19 8 Question  Bitmap files are typically quite large and so it is handy to compress them before FTPing or ing them. However, some bitmap files don’t seem to shrink very much when you use a compression utility, such as WinZip. Why? –A. The files are already as small as they can get. –B. Compression utilities use lossless compression, which won’t allow you shrink the size of a file without losing data. –C. Some types of files are already in compressed format, which can’t be further compressed. –D. The files have a small color palette that doesn’t allow compression. Chapter 8: Digital Media19

20 8 Chapter 8: Digital Media20 Bitmap Graphics  Composed of a grid of dots –Color of each dot is stored as a binary number

21 8 Scanners and Cameras Chapter 8: Digital Media21

22 8 Scanners and Cameras Chapter 8: Digital Media22

23 8 Chapter 8: Digital Media23 Scanners and Cameras  Digital cameras use storage medium –Solid state memory cards  Transfer images using: –Card readers –Direct cable transfer –Infrared port –Media transfer –Docking station –

24 8 Chapter 8: Digital Media24 Scanners and Cameras  Graphics software is used to modify or edit bitmap graphics –Modify individual pixels to: Retouch photographs Wipe out red eye Erase rabbit ears  Require a bit of storage space

25 8 Chapter 8: Digital Media25 Image Resolution  Expressed as the number of horizontal and vertical pixels –Higher resolutions contain more data (larger file size) and are higher quality  Bitmaps do not have a fixed physical size

26 8 Chapter 8: Digital Media26 Image Resolution  File size of bitmaps can be reduced by cropping  Bitmaps are resolution dependent

27 8 Chapter 8: Digital Media27 Image Resolution  When you increase the resolution of a bitmap, pixel interpolation may occur –Some images may appear pixilated

28 8 Chapter 8: Digital Media28 Color Depth and Palettes  Color depth is the number of colors available for use in an image –Monochrome bitmap  Increasing color depth increases file size –True Color bitmap (24-bit bitmap) –32-bit bitmap  Color palettes are used to control color depth –Grayscale palette –System palette –Web palette

29 8 Chapter 8: Digital Media29 Color Depth and Palettes

30 8 Chapter 8: Digital Media30 Image Compression  Any technique that recodes data in an image file so that it contains fewer bits –Lossless compression –Lossy compression  Run-length encoding  File compression utility

31 8 Image Compression Chapter 8: Digital Media31

32 8 Bitmap Graphic Formats Chapter 8: Digital Media32

33 8 SECTION C Chapter 8: Digital Media33 Vector and 3-D Graphics  Vector Graphics Basics  Vector-to-Bitmap Conversion  Vector Graphics on the Web  3-D Graphics

34 8 Question  D vectors don’t look very realistic, whereas 3-D vectors tend to look very realistic. Why is this the case? –A. 3-D images use a more realistic color palette than 2-D images. –B. 3-D images constructed using a wireframe can be rendered with surface textures and lighted with realistic ray tracing. –C. 3-D images can be enlarged or shrunk more realistically than 2-D images. –D. 3-D images can be animated, whereas 2-D images cannot. Chapter 8: Digital Media34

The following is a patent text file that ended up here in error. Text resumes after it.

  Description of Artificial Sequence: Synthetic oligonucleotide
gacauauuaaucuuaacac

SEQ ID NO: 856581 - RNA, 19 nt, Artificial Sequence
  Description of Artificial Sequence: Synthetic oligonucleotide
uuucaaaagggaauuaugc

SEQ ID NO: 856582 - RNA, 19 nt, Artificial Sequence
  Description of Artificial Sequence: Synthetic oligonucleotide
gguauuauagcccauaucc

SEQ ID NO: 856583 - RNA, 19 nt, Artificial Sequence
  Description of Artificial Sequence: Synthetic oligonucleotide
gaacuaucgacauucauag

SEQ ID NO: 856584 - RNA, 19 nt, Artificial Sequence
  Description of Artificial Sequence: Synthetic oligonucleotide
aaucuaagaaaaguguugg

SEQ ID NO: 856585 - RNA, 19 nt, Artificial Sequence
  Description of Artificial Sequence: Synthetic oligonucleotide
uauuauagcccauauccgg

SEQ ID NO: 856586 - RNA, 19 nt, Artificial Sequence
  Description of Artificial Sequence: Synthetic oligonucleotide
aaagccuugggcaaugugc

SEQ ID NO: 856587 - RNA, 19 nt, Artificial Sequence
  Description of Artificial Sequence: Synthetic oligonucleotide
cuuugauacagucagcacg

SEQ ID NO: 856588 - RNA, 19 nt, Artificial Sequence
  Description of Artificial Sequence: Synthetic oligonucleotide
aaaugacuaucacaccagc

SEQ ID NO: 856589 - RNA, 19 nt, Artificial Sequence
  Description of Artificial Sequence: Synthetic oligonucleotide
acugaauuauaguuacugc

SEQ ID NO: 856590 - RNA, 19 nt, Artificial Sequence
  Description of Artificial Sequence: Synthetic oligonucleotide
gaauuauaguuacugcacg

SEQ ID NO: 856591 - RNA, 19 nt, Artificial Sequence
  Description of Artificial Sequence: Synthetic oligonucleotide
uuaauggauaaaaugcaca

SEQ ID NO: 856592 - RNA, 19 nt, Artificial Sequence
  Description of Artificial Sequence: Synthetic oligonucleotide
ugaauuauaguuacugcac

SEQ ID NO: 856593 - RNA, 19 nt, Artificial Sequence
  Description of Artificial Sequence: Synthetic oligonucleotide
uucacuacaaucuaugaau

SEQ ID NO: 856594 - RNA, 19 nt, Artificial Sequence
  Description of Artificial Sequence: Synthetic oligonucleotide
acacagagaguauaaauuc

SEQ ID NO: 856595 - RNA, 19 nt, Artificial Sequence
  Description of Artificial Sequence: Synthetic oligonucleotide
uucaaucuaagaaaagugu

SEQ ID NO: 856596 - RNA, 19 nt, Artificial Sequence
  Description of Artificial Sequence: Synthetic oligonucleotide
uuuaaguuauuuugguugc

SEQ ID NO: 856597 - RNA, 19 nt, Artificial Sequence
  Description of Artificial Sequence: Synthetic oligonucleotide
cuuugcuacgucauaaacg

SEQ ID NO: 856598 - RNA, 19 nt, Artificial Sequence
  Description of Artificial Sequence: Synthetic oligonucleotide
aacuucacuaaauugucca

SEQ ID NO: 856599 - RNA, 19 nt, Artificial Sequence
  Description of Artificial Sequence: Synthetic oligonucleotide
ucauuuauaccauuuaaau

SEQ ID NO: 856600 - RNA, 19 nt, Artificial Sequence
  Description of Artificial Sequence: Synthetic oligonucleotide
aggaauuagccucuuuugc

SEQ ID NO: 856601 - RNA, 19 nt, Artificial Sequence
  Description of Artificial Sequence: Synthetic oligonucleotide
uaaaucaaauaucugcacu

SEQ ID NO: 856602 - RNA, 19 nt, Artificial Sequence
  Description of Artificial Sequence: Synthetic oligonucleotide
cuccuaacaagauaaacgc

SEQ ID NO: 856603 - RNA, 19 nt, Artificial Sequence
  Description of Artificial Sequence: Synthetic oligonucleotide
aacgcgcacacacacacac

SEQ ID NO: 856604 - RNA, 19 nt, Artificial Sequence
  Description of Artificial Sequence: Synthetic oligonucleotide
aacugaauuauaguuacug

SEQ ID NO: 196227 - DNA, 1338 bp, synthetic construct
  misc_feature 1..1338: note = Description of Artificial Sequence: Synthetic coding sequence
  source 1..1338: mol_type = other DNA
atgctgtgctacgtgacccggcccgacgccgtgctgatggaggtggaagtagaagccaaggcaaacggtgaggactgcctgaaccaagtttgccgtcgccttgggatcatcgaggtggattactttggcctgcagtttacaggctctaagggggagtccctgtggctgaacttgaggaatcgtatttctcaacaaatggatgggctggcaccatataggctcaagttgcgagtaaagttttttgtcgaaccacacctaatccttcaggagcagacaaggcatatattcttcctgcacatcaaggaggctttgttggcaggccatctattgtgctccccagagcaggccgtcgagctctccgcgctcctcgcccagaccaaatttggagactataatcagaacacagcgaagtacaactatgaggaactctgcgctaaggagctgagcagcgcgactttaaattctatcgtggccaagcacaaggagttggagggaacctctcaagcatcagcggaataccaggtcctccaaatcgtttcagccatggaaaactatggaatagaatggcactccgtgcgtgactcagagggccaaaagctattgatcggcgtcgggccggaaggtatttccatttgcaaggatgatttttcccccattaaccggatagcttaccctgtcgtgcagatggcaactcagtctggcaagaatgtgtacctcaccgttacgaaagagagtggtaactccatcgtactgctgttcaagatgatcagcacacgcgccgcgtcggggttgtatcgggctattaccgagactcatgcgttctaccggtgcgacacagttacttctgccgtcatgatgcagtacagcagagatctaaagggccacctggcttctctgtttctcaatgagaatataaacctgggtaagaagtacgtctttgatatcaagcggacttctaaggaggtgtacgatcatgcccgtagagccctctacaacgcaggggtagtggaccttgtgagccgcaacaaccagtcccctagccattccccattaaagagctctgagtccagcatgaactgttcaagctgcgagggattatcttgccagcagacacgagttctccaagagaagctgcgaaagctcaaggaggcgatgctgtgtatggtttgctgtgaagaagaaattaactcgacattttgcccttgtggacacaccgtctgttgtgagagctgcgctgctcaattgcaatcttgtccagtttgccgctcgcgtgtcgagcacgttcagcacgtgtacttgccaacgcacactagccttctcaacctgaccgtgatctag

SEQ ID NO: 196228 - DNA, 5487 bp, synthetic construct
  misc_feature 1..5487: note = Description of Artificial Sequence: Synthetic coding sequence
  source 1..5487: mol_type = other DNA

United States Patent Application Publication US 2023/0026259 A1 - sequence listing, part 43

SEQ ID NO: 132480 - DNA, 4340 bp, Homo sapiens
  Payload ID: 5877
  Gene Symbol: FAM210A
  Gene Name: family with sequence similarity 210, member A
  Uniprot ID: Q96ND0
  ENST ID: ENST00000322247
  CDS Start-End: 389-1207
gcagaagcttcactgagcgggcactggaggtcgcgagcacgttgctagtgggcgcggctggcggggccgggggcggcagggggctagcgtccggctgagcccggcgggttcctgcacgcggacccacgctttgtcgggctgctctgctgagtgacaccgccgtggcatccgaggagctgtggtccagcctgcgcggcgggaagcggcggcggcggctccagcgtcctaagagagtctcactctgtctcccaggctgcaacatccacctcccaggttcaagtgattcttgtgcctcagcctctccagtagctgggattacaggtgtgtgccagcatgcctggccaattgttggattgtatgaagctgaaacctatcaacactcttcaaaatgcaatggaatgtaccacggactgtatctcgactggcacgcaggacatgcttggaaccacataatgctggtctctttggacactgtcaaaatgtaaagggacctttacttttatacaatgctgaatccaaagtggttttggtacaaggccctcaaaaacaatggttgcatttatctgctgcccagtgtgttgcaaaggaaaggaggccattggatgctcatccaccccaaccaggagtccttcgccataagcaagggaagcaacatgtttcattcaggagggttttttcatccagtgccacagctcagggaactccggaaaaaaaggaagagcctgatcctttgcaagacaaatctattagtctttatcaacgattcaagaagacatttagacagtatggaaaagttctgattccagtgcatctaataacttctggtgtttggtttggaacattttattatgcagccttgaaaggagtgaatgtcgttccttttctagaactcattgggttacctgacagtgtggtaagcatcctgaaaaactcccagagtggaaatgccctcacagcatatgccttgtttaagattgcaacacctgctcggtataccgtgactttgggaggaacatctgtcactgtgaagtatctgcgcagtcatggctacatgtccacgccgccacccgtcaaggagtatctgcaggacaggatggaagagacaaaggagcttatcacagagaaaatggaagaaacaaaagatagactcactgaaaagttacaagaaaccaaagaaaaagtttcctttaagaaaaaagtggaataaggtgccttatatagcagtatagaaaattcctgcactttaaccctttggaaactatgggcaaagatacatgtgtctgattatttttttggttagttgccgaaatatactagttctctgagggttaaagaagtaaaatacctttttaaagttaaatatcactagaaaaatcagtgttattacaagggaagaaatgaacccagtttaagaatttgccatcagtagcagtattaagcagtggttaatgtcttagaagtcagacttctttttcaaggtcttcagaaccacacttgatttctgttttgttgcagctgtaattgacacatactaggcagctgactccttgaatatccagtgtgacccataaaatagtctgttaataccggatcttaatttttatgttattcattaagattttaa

35 8 Chapter 8: Digital Media35 Vector Graphic Basics  Contain instructions for re-creating a picture

36 8 Chapter 8: Digital Media36 Vector Graphic Basics  Vector graphics resize better than bitmaps  Vector graphics usually require less storage space than bitmaps  Vector graphics are not usually as realistic as bitmap images  It is easier to edit an object in a vector graphic than an object in a bitmap graphic

37 8 Vector Graphic Basics Chapter 8: Digital Media37

38 8 Chapter 8: Digital Media38 Vector-to-Bitmap Conversion  Rasterization superimposes a grid over a vector image and determines the color for each pixel  Tracing software locates the edges of objects in a bitmap image and converts the resulting shapes into vector graphic objects

39 8 Chapter 8: Digital Media39 Vector Graphics on the Web  SVG (Scalable Vector Graphics) and Flash are vector graphic formats for the Web  Flash  Animated GIF  Advantages of using vector graphics –Consistent quality –Searchable –Compact file size

40 8 Chapter 8: Digital Media40 3-D Graphics  Stored as a set of instructions –Contain locations and lengths of lines forming a wireframe  Rendering covers a wireframe with surface color and texture  Ray tracing adds light and shadows to a 3-D image

41 8 3-D Graphics Chapter 8: Digital Media41

42 8 SECTION D Chapter 8: Digital Media42 Digital Video  Digital Video Basics  Producing Video Footage  Video Transfer  Video Editing  Video Output  Web Video  DVD-Video

43 8 Question  YouTube is popular video site. Which one of the following statements is NOT true about these videos? –A. YouTube supports streaming video. –B. You need the YouTube Show browser plug-in to view videos on the YouTube site. –C. YouTube videos have a low compression ratio and a high bitrate. –D. Each YouTube video has a unique URL. Chapter 8: Digital Media43

44 8 Chapter 8: Digital Media44 Digital Video Basics  Uses bits to store color and brightness data for each video frame  Unlike analog video, digital video retains image quality no matter how many times it is copied  Footage for digital videos can be supplied from a digital source, or from an analog source that requires conversion